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Oil for Export: Tar Sands Bitumen Cannot be Refined in Eastern Canada

The misconception with 'west-to-east' pipeline proposals like Enbridge’s Line 9 or TransCanada’s Energy East is shipping western Canadian oil to eastern Canada means ‘Canadian oil for Canadian refineries.’ This assumption overlooks the fact eastern Canadian refineries cannot refine a certain type of Canadian oil – tar sands bitumen.

Bitumen is the heavy unconventional oil found in the Alberta tar sands (also called oil sands). Only a specialized refinery can process bitumen and turn it into refined products such as fuels. Few refineries in Canada can do it. None of the refineries in eastern Canada can refine large quantities of bitumen.

TransCanada and Enbridge claim their west-to-east pipelines will transport mainly conventional oil and only small amounts of bitumen. This is unlikely to be true in the long term as conventional sources of oil dry up in Canada and bitumen production continues to increase.

If no eastern Canadian refinery makes the massive investment to outfit their operation to refine bitumen, Line 9 and Energy East are destined to ensure more bitumen will flow to markets overseas, not Canadian refineries.

“Building more tar sands pipelines will lock Canada into a highly polluting carbon-based economy for decades,” says Adam Scott, a climate and energy program coordinator for Environmental Defence Canada based in Toronto.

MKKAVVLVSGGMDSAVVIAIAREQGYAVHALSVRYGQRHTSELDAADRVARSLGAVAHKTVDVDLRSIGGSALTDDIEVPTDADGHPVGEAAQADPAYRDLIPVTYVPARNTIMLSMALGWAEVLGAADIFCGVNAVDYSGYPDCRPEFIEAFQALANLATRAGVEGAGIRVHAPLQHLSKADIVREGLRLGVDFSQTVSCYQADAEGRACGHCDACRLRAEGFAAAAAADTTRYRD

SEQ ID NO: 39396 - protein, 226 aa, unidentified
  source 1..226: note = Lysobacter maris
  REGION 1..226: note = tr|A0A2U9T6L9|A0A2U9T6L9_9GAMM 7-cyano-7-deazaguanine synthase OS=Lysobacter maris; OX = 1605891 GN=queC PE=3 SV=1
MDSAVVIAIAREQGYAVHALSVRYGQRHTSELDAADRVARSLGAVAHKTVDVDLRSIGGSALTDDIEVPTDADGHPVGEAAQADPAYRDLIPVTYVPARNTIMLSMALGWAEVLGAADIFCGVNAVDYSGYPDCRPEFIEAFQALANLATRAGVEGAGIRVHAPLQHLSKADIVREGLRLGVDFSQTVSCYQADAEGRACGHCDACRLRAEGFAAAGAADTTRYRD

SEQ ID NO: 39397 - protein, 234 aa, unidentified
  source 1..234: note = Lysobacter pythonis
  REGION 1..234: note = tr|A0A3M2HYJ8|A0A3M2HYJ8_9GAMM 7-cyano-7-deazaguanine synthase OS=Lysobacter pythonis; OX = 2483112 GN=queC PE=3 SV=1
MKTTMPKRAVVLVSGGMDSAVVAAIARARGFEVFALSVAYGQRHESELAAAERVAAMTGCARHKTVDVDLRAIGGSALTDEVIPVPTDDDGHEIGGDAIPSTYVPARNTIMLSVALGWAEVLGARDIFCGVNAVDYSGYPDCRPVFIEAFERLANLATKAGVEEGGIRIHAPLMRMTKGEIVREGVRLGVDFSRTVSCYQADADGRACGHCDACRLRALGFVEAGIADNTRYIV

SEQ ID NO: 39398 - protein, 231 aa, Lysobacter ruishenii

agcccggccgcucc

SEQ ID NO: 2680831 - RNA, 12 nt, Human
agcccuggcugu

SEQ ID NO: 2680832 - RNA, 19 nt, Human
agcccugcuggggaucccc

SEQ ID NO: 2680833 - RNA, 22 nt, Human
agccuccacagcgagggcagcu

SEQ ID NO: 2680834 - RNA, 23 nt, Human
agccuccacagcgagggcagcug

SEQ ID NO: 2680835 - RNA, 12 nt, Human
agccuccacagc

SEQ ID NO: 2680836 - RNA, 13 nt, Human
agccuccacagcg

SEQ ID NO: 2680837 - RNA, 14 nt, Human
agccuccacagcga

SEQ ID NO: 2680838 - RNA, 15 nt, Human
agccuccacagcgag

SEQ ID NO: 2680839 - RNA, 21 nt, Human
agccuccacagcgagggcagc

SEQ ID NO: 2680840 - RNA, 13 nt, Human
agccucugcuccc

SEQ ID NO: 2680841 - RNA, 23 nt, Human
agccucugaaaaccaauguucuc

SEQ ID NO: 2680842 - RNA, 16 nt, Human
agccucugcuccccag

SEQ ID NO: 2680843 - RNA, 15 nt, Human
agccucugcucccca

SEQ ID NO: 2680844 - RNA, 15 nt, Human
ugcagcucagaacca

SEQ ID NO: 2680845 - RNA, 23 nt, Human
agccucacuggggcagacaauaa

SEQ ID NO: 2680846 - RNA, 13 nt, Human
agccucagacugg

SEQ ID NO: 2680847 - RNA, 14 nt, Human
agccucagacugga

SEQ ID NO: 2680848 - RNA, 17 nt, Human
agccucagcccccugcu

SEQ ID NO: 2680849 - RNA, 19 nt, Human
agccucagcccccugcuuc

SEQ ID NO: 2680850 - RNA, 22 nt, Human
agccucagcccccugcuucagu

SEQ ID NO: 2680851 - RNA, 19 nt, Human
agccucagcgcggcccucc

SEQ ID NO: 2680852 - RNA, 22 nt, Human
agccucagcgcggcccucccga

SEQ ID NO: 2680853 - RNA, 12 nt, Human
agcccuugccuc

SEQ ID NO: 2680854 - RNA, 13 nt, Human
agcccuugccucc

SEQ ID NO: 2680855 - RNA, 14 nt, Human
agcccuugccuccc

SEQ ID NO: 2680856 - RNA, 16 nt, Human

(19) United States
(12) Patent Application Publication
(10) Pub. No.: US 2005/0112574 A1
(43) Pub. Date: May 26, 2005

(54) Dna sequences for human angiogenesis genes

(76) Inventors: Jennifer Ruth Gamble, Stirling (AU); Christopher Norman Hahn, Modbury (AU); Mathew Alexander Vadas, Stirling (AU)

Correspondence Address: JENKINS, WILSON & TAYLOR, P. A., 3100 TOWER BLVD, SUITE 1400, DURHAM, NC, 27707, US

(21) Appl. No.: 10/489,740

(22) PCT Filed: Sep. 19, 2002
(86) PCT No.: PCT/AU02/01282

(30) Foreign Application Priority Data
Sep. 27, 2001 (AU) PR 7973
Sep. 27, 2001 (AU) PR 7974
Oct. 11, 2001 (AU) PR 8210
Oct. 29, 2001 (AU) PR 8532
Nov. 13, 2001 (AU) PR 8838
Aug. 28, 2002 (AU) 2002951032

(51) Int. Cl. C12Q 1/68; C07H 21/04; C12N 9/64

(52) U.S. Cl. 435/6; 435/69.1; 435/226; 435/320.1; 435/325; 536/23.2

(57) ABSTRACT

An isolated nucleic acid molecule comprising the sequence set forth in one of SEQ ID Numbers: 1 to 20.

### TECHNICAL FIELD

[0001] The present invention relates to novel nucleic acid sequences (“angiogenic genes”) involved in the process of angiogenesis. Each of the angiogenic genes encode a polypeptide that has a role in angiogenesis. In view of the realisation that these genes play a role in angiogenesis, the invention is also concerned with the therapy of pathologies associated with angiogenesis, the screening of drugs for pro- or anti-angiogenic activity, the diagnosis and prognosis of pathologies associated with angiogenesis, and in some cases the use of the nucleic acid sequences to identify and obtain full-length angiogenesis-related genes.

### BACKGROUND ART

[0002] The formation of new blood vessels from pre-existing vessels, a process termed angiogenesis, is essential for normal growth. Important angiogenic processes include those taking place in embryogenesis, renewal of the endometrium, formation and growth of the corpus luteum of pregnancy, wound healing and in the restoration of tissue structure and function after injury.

“We cannot support any pipeline that furthers the ongoing reckless and unchecked expansion of the tar sands,” Scott told DeSmog Canada.

TransCanada's proposed Energy East pipeline route

Refineries Require an Expensive Coker Unit to Refine Bitumen

Bitumen is not the black liquid that many people think of when they think of oil. It is low-grade oil with the consistency of peanut butter and riddled with impurities.

Bitumen is high in carbon and low in hydrogen. High quality oils such as light sweet conventional crude oil are just the opposite. Much of the carbon in bitumen needs to be stripped in order to convert bitumen into refined products that can be sold.

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Refineries usually require a coker unit to remove the carbon from bitumen. To remove the carbon, bitumen is heated in large steel coke drums at higher temperatures (480 degree Celsius) and for longer periods of time than typical conventional oil refinery is capable of. Hydrogen is added afterwards to make bitumen more like a liquid-fuel.

Suncor’s Montreal Refinery May Refine Bitumen if Line 9 is Approved

A few refineries in Alberta and one in Ontario have coker units. A massive investment $2 billion is required to install a coker. None of the three eastern Canadian refineries – Suncor, Valero, and Irving – have publicly announced their intentions to make this investment.

“Suncor is the most likely to install a coker because the company has tar sands projects in Alberta. Irving and Valero do not,” says Lorne Stockman, research director at Oil Change International (OCI) in the US.

“There is plenty of lighter, easier to refine oil coming out of new sources such as Bakken oil shale in the US. Irving and Valero will probably to stick to processing lighter oils for the time being,” Stockman told DeSmog Canada.

Neither Valero nor Irving appears interested in buying a coker at the moment. Irving, which has equipment to process small amounts bitumen, is investing in a $300 million marine terminal in Saint John, New Brunswick to export oil from the proposed Energy East pipeline. Valero announced earlier this year oil from Texas will be sent to its Quebec City refinery.